Women in the gig economy - is the UK taking a backwards step?

Women in the gig economy - is the UK taking a backwards step?

Being in the 21st century, you’d think the age-old debate about women in the workplace would be something well and truly of the past. But with the rise of the gig economy, and women working in this sector opting for stereotypical roles in the labour market, is the UK taking a step back?

Every month, the Women and Work All-Party Parliamentary Group (APPG), meet with parliamentarians, businesses and stakeholders to discuss key issues about women in work.

The group, chaired by Labour MP Jessica Phillips and Conservative MP Gillian Keegan, has been focusing this year on why there is still a gender disparity in pay and skills.

The latest APPG meetings, led by Keegan, discussed women in the gig economy and whether schools should be doing more to promote female entrepreneurship. 

There are currently 4.85 million self-employed people in the UK and over a third of that population are women. And according to the RSA (Royal Society for the encouragement of Arts, Manufacturers and Commerce), 1.1 million of all self-employed are working in the gig economy.

Working in the gig economy has proven to be attractive for many women, particularly working mothers, who benefit from the flexible hours and independence. In fact, the number of mothers working as freelancers has increased by 79 per cent between 2008 and 2016.

While this way of work seems to be becoming more and more popular, it still poses many of the gendered challenges of the wider labour market. The biggest being women choosing to go for stereotypical roles such as domestic and care work.

IPSE’s politics and external affairs assistant, Imogen Farhan, who spoke at the meeting on the gig economy, highlighted that the rise in female self-employment has “primarily been driven by choice”. 

She said: “Choice is typically a good thing and these digital platforms have provided an alternative to the traditional 9-5.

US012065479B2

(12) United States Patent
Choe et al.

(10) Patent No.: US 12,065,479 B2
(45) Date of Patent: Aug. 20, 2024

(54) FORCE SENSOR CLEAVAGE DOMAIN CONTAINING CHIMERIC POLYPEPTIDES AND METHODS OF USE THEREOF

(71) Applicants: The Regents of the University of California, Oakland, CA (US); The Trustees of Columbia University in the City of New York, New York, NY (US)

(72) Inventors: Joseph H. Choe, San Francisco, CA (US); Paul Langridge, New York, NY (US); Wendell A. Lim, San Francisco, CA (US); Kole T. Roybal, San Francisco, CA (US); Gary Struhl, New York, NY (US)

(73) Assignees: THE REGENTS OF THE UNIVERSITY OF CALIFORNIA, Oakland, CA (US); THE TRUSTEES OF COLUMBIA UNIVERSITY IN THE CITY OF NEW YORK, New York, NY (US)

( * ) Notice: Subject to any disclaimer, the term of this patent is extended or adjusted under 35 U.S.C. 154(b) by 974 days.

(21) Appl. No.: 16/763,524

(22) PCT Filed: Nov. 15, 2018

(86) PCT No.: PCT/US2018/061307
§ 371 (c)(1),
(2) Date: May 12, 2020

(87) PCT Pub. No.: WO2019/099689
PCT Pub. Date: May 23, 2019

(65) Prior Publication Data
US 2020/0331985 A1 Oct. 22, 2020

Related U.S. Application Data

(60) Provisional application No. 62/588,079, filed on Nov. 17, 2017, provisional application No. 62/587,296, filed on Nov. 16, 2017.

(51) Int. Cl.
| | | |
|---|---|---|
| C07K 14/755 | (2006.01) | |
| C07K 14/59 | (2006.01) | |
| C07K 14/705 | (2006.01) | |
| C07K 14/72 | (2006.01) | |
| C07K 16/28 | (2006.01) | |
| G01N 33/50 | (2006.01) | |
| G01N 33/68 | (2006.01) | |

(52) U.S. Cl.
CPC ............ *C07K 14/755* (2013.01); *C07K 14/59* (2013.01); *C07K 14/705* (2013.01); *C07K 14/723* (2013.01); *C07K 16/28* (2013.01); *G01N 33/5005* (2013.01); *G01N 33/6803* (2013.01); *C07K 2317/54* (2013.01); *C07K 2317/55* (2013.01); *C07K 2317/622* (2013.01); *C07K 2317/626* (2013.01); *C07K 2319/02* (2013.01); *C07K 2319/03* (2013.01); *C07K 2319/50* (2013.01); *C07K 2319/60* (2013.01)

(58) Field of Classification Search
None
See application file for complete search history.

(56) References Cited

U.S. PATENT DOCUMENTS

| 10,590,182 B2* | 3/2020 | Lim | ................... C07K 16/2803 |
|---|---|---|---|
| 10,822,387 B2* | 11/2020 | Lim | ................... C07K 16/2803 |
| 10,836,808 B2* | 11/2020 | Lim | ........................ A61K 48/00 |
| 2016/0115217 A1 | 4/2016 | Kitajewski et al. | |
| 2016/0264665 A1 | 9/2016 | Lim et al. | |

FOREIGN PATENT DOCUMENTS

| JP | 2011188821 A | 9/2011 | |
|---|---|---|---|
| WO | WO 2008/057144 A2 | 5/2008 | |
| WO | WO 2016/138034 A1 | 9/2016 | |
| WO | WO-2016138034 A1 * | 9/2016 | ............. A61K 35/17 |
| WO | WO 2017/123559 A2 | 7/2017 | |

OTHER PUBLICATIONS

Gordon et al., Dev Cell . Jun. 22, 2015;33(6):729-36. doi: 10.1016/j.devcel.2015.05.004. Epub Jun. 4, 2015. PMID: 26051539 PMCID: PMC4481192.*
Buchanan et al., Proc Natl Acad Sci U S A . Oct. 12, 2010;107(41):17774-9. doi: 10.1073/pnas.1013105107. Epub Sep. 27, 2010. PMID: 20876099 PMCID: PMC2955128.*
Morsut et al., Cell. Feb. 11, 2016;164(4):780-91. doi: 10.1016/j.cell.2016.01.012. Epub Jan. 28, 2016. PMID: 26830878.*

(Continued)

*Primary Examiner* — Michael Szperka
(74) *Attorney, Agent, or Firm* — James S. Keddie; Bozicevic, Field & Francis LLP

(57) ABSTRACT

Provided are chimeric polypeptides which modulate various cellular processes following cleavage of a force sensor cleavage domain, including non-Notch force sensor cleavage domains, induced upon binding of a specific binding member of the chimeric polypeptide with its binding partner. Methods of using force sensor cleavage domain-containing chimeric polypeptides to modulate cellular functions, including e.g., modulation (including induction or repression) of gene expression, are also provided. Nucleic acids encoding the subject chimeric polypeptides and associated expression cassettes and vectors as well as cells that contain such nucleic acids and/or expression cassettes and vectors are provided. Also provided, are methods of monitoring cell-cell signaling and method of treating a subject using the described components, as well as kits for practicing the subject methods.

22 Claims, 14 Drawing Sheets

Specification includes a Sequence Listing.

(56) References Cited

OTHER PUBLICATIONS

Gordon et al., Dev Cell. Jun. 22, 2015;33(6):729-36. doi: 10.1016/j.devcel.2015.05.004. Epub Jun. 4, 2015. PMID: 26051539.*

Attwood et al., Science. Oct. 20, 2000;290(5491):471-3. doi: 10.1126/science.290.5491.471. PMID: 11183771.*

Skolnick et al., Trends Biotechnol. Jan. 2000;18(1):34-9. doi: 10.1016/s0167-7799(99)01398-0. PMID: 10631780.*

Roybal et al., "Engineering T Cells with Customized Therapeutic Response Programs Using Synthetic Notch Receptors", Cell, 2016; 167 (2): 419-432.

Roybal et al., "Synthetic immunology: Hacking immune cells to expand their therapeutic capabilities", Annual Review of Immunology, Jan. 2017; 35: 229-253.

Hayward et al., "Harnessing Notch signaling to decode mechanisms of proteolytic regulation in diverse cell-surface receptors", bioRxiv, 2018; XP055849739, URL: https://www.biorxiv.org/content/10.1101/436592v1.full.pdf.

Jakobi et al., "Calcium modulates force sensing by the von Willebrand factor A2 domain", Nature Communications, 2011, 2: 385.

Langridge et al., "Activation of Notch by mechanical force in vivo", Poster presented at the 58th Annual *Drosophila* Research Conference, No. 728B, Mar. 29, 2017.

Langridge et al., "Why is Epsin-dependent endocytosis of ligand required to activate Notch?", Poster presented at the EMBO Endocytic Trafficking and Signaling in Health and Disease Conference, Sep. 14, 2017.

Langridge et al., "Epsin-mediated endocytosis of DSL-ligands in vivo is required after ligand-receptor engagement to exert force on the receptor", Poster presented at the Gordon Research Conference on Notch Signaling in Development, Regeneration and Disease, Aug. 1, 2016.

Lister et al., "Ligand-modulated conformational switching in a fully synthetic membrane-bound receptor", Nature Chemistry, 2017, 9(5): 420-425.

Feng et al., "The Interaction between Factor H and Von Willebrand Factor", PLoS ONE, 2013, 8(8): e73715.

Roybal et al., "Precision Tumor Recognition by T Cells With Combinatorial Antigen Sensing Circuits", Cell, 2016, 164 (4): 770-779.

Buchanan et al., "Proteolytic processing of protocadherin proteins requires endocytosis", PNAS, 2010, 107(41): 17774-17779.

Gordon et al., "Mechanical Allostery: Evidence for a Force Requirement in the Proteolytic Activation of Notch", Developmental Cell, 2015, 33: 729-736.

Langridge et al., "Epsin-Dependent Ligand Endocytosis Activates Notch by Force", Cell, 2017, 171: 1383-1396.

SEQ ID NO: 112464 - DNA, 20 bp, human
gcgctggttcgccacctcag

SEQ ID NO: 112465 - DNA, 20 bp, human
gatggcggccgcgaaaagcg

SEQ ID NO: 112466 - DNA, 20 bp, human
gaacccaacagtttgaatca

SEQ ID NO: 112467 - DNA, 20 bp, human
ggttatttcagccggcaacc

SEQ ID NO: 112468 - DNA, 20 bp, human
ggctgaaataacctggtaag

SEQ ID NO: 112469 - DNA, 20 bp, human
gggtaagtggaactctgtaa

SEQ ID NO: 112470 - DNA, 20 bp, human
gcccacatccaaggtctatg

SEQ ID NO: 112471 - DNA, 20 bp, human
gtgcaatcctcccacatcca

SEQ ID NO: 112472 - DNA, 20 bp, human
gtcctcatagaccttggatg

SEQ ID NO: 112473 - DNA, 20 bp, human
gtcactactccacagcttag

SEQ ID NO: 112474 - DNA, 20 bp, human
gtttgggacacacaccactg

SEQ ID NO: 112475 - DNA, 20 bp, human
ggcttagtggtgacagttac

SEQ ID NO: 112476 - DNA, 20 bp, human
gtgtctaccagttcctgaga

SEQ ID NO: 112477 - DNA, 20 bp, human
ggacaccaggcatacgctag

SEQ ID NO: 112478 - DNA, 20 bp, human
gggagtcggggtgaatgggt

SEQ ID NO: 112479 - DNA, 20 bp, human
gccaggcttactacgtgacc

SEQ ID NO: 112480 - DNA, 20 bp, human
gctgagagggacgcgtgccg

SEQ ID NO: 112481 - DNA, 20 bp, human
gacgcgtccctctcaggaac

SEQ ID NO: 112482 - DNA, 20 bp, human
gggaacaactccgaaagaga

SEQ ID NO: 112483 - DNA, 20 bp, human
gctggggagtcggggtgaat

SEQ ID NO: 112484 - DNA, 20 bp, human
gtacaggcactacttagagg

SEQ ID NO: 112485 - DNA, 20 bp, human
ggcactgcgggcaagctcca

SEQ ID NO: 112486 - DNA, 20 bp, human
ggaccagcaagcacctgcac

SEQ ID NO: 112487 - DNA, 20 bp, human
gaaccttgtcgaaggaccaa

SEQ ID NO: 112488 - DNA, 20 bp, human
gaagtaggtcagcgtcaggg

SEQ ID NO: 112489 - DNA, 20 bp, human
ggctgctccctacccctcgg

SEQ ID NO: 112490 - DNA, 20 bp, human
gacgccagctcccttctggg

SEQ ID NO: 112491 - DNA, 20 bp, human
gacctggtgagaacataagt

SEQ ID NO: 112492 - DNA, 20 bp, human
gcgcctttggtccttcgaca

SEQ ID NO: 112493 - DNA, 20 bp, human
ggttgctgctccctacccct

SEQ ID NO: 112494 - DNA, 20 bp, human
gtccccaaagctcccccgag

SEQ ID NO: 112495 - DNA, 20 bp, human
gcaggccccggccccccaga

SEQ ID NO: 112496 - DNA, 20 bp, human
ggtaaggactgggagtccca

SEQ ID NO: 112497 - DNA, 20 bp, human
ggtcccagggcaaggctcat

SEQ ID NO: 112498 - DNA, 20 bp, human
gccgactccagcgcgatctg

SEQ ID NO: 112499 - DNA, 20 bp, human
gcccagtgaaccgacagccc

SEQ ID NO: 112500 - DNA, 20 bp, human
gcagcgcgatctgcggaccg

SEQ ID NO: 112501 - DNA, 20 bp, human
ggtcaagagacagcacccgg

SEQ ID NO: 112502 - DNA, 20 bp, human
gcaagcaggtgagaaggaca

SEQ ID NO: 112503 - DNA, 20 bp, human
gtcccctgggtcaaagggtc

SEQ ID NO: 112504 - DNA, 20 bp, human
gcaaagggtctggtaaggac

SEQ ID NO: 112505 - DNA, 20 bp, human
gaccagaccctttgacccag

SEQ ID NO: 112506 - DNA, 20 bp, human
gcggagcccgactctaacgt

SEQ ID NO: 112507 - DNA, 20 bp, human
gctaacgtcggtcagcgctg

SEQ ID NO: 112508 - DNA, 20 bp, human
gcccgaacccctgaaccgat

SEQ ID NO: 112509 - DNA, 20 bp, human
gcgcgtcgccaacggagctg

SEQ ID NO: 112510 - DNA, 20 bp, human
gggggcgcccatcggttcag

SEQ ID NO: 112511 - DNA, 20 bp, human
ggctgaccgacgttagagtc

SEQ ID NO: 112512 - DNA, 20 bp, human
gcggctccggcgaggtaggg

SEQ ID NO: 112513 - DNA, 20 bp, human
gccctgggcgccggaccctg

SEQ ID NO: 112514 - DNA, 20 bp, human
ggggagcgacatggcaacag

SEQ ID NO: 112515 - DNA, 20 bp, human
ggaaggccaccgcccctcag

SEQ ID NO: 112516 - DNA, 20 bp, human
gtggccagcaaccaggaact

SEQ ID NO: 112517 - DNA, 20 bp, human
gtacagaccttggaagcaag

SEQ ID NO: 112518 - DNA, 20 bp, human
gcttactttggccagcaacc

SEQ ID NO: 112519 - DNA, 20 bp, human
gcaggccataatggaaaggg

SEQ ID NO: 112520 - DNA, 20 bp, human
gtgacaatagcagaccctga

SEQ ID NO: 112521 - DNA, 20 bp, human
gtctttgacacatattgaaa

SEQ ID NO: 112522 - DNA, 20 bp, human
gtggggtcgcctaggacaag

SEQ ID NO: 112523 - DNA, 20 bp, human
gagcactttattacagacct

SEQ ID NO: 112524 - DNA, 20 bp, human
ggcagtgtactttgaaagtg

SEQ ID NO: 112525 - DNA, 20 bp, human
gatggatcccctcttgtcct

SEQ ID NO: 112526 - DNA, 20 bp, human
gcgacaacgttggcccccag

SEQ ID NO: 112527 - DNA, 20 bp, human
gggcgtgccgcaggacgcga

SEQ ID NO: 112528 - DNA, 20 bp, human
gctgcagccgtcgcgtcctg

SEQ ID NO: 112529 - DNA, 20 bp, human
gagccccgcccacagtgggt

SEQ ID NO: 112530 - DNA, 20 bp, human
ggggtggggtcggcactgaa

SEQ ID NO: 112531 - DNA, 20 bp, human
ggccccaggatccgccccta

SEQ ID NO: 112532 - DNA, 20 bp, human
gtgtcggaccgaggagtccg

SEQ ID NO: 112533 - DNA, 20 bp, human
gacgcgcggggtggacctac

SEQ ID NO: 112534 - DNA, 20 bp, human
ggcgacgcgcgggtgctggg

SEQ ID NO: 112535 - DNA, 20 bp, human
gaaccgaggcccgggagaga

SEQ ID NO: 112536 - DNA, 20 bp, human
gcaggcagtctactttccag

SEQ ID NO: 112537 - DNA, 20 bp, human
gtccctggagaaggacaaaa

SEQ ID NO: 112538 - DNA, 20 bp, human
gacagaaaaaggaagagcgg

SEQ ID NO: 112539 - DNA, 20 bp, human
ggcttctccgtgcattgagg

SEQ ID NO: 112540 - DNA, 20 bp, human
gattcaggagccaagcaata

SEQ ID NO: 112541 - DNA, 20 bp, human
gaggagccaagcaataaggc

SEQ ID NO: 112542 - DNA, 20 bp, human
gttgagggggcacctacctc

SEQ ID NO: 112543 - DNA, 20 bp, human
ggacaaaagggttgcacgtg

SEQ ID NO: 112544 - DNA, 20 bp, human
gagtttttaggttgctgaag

“Currently, 93 per cent of women say it is hard to combine a successful career with caring responsibilities. The gig economy offers opportunities to make this more manageable. 

“This is because the gig economy facilitates flexibility unparalleled in the traditional workplace. Freelancers can choose when, where and who they work for, enabling people to take greater control of their work/life balance.”

With one in seven freelancers now working mums, Imogen went on to claim that many women still tend to “shoulder most of the parenting responsibilities”.

She added: “As this sector grows, public policy needs to adapt to ensure self-employment remains a positive choice, striking the right balance between flexibility and fairness.”

Imogen suggested three key areas for policy development to help self-employed working mums.

The first is to introduce a statutory definition of self-employment in order to bring some much-needed clarity around employment status. 

The second is parental benefits; currently self-employed women are only eligible for maternity allowance rather than statutory maternity pay, meaning there is a six-week period where they do not receive 90 per cent of their earnings. 

And finally, to improve education and training for entrepreneurs, specifically tailored for women.

Following the meeting, Keegan said: “Overall,  The development of the modern gig economy has been positive, particularly for working mothers, who often go for roles with greater flexibility.

“I think what is clear is that there is an opportunity for development in a positive way and if we do not take it, it could have a negative impact. 

“The gig economy platforms bring people together and there needs to be a discussion about rights, making some changes and recommendations. To do this, we first need to raise awareness.”